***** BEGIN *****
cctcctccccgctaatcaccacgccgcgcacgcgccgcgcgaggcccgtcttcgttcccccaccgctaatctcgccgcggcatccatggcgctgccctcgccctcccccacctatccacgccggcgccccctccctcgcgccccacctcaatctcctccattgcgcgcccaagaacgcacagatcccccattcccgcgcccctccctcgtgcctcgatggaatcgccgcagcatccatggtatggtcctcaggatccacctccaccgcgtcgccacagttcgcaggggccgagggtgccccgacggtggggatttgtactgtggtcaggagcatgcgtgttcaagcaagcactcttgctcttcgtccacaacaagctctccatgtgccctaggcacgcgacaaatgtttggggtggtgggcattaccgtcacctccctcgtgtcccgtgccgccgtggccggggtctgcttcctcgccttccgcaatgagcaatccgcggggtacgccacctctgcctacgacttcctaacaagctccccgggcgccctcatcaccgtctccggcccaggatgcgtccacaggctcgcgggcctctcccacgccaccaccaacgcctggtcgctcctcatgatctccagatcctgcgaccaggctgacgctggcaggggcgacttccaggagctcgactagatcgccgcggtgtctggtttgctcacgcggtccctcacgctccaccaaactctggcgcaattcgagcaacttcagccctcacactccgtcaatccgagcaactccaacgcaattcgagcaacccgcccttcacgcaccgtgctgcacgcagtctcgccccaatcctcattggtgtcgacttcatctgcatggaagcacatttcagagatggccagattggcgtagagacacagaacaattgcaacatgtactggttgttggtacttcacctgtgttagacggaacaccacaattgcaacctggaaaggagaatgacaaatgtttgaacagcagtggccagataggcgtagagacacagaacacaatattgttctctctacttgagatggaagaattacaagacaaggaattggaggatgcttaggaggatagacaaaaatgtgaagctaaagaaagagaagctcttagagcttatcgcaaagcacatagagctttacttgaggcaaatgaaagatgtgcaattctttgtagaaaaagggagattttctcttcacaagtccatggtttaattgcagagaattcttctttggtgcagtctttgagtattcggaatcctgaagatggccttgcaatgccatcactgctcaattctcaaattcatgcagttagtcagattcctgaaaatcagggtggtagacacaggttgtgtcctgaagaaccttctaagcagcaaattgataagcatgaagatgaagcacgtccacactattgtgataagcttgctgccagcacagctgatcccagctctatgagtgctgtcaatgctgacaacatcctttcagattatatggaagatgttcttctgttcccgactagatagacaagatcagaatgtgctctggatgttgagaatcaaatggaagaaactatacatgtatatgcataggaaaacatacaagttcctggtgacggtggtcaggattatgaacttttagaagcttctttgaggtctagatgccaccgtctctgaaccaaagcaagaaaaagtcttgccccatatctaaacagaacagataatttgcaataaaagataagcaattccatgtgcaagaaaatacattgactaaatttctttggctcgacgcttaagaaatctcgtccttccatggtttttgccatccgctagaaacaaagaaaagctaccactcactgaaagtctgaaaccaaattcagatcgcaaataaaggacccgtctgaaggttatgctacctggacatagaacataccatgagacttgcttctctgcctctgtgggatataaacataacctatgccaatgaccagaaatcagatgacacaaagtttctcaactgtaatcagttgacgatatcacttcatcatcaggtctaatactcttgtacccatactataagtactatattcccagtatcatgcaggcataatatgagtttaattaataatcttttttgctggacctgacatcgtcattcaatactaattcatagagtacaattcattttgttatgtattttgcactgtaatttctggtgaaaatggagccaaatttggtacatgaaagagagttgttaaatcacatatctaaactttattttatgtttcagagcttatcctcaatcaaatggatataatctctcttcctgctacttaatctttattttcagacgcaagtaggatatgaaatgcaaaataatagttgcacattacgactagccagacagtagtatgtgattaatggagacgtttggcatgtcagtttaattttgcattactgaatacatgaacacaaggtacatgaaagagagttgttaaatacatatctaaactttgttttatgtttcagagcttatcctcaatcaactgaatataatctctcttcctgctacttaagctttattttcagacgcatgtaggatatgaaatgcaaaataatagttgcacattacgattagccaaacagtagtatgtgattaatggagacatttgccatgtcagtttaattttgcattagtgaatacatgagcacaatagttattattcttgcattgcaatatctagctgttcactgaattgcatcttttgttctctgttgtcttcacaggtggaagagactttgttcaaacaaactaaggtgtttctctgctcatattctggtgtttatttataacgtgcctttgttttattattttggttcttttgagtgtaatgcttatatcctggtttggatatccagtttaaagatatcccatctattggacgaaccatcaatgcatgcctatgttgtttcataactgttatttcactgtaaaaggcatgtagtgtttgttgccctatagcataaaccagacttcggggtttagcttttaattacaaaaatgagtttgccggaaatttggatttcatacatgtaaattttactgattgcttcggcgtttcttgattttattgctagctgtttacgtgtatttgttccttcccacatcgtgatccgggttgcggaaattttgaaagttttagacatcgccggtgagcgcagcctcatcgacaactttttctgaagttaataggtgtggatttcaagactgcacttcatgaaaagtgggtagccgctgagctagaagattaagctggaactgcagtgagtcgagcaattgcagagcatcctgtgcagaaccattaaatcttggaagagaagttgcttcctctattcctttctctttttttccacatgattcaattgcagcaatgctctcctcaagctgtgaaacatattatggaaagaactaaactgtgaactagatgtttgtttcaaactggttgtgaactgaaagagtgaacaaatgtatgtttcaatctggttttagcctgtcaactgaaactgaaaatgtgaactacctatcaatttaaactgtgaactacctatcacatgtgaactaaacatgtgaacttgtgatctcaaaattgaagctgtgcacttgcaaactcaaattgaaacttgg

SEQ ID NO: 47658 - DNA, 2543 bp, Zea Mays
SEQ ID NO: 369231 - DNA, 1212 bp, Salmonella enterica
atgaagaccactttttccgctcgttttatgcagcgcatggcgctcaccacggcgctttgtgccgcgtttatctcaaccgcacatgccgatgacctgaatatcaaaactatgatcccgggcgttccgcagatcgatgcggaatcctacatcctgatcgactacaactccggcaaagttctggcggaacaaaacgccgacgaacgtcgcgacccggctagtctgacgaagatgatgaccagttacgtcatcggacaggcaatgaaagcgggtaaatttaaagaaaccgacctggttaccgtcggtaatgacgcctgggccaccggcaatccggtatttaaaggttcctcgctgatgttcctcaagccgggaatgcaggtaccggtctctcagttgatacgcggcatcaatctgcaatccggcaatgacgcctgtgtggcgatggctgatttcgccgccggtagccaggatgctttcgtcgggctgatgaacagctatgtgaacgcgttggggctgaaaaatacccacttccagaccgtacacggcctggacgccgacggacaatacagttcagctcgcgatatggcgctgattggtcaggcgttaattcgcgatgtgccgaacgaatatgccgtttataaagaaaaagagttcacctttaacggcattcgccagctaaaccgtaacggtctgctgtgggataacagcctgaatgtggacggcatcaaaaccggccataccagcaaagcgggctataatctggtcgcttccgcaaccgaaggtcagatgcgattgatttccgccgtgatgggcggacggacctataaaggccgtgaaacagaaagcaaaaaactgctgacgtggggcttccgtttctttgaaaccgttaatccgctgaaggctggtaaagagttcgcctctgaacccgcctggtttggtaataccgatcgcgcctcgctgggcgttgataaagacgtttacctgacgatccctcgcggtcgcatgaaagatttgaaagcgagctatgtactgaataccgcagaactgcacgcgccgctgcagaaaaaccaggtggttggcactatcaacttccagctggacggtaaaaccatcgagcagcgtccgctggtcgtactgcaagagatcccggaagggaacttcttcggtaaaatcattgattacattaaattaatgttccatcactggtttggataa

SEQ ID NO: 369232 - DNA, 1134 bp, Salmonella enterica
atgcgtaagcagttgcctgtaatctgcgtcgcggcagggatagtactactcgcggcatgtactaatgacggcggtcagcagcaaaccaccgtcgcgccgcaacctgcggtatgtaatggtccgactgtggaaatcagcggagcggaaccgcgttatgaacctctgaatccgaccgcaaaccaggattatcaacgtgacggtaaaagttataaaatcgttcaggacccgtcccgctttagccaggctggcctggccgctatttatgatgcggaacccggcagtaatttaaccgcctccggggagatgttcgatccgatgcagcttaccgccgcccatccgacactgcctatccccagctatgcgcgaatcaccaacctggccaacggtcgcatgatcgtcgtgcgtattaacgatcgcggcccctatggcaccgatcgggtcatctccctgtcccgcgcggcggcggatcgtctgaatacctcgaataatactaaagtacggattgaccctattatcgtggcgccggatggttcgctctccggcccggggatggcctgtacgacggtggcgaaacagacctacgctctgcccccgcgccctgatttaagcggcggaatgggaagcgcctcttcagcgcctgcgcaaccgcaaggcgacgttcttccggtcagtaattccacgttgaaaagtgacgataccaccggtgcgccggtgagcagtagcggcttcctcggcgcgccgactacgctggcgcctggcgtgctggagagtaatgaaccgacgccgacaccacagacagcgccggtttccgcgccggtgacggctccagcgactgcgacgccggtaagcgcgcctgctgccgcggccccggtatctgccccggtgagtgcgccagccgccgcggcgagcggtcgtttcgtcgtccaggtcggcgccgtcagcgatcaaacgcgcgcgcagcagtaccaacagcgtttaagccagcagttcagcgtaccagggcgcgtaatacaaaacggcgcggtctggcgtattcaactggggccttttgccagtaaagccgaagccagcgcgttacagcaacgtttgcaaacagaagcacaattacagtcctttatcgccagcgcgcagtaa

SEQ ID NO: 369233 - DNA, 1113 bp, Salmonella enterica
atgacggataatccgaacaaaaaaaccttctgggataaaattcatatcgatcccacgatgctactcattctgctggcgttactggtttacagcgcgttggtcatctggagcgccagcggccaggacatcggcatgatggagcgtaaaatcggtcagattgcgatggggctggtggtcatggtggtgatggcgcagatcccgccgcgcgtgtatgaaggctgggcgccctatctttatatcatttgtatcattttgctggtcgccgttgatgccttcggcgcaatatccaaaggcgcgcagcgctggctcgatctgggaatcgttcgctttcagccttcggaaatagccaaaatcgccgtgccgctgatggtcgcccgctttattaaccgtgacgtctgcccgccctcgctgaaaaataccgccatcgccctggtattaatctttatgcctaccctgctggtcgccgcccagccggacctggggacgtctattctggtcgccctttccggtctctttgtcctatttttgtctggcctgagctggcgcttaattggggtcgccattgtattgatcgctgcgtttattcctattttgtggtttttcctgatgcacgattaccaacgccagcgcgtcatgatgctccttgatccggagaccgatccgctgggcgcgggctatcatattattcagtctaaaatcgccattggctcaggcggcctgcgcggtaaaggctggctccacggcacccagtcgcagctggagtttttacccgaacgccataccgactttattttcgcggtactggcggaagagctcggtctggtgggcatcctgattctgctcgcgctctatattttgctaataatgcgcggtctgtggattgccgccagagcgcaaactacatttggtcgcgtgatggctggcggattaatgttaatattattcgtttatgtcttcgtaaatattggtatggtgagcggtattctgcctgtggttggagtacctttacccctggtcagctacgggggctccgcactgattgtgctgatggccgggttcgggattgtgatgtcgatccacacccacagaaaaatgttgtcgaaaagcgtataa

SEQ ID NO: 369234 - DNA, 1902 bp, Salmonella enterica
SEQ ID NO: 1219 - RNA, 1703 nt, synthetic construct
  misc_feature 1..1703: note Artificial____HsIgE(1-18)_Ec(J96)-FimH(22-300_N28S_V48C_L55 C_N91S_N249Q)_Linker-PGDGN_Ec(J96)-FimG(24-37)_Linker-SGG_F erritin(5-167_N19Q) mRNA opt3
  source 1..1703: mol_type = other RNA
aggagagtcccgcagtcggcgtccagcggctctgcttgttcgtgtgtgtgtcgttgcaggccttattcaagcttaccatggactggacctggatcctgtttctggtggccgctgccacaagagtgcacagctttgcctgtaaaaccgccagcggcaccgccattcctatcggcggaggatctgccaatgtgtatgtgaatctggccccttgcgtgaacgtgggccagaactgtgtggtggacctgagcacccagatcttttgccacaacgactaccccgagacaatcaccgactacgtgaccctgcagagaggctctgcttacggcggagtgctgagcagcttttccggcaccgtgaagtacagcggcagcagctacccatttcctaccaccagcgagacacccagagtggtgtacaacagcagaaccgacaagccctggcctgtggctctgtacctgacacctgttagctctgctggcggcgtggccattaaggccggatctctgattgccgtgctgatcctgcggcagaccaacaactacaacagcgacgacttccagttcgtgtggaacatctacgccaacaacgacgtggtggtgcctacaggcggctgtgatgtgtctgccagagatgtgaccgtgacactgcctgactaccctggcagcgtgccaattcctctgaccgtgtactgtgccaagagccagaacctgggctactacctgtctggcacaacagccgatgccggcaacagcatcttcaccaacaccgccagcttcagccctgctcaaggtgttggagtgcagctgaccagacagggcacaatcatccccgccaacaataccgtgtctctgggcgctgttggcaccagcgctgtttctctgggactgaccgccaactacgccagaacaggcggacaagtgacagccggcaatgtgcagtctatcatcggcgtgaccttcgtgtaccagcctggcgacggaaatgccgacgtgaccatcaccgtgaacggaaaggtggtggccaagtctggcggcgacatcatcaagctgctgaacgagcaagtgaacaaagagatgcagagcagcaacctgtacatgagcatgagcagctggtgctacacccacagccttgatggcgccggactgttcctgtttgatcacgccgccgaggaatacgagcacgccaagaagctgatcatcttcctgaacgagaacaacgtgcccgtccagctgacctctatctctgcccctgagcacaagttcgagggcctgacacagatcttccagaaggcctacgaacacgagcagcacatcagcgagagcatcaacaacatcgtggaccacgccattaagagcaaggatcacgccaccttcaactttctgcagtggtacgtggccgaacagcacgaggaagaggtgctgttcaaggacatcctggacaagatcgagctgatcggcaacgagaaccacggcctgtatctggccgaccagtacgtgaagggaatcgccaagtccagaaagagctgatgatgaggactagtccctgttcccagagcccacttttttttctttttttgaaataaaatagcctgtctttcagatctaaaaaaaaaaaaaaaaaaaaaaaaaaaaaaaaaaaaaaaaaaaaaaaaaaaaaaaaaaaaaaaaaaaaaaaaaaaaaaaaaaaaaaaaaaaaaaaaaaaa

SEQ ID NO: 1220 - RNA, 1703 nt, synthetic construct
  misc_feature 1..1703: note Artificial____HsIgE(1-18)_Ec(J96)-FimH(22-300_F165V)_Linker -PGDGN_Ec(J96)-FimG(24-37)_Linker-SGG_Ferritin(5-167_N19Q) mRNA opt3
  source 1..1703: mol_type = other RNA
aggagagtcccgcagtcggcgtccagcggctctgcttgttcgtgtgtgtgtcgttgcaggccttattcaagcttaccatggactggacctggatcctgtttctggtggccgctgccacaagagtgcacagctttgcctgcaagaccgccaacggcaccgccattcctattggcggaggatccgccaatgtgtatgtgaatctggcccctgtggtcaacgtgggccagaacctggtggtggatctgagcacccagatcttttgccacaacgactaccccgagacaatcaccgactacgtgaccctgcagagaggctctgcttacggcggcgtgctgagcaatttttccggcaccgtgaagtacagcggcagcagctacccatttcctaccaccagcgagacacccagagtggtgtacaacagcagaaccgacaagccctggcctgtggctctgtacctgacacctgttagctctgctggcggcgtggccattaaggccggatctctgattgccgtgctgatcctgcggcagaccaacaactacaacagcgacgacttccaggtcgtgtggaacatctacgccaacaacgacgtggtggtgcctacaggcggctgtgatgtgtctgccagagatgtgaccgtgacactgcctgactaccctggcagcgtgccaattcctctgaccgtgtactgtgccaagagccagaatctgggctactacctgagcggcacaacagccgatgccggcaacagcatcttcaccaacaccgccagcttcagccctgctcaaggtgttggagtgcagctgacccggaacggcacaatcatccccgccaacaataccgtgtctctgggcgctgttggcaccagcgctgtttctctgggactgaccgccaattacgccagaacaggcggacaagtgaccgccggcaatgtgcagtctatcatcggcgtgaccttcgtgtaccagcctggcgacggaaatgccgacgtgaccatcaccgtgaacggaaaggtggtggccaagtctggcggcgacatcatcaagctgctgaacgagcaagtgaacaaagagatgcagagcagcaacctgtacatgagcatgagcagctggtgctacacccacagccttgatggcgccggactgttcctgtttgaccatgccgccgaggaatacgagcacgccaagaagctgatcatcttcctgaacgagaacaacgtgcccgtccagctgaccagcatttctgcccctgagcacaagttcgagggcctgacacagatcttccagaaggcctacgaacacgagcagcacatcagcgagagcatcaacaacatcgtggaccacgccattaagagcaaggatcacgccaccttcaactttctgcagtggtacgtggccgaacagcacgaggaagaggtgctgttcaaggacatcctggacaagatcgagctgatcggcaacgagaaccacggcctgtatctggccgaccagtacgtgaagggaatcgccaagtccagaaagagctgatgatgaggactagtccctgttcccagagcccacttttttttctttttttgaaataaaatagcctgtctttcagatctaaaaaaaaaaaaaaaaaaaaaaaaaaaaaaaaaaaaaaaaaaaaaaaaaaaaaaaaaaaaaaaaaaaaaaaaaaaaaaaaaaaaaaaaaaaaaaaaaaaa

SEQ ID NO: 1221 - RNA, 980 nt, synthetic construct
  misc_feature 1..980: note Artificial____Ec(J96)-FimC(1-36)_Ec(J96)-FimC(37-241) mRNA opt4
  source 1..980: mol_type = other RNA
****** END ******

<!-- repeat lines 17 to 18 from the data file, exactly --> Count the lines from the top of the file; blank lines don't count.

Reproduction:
aggagagtcccgcagtcggcgtccagcggctctgcttgttcgtgtgtgtgtcgttgcaggccttattcaagcttaccatggactggacctggatcctgtttctggtggccgctgccacaagagtgcacagctttgcctgcaagaccgccaacggcaccgccattcctattggcggaggatccgccaatgtgtatgtgaatctggcccctgtggtcaacgtgggccagaacctggtggtggatctgagcacccagatcttttgccacaacgactaccccgagacaatcaccgactacgtgaccctgcagagaggctctgcttacggcggcgtgctgagcaatttttccggcaccgtgaagtacagcggcagcagctacccatttcctaccaccagcgagacacccagagtggtgtacaacagcagaaccgacaagccctggcctgtggctctgtacctgacacctgttagctctgctggcggcgtggccattaaggccggatctctgattgccgtgctgatcctgcggcagaccaacaactacaacagcgacgacttccaggtcgtgtggaacatctacgccaacaacgacgtggtggtgcctacaggcggctgtgatgtgtctgccagagatgtgaccgtgacactgcctgactaccctggcagcgtgccaattcctctgaccgtgtactgtgccaagagccagaatctgggctactacctgagcggcacaacagccgatgccggcaacagcatcttcaccaacaccgccagcttcagccctgctcaaggtgttggagtgcagctgacccggaacggcacaatcatccccgccaacaataccgtgtctctgggcgctgttggcaccagcgctgtttctctgggactgaccgccaattacgccagaacaggcggacaagtgaccgccggcaatgtgcagtctatcatcggcgtgaccttcgtgtaccagcctggcgacggaaatgccgacgtgaccatcaccgtgaacggaaaggtggtggccaagtctggcggcgacatcatcaagctgctgaacgagcaagtgaacaaagagatgcagagcagcaacctgtacatgagcatgagcagctggtgctacacccacagccttgatggcgccggactgttcctgtttgaccatgccgccgaggaatacgagcacgccaagaagctgatcatcttcctgaacgagaacaacgtgcccgtccagctgaccagcatttctgcccctgagcacaagttcgagggcctgacacagatcttccagaaggcctacgaacacgagcagcacatcagcgagagcatcaacaacatcgtggaccacgccattaagagcaaggatcacgccaccttcaactttctgcagtggtacgtggccgaacagcacgaggaagaggtgctgttcaaggacatcctggacaagatcgagctgatcggcaacgagaaccacggcctgtatctggccgaccagtacgtgaagggaatcgccaagtccagaaagagctgatgatgaggactagtccctgttcccagagcccacttttttttctttttttgaaataaaatagcctgtctttcagatctaaaaaaaaaaaaaaaaaaaaaaaaaaaaaaaaaaaaaaaaaaaaaaaaaaaaaaaaaaaaaaaaaaaaaaaaaaaaaaaaaaaaaaaaaaaaaaaaaaaa

SEQ ID NO: 1221 - RNA, 980 nt, synthetic construct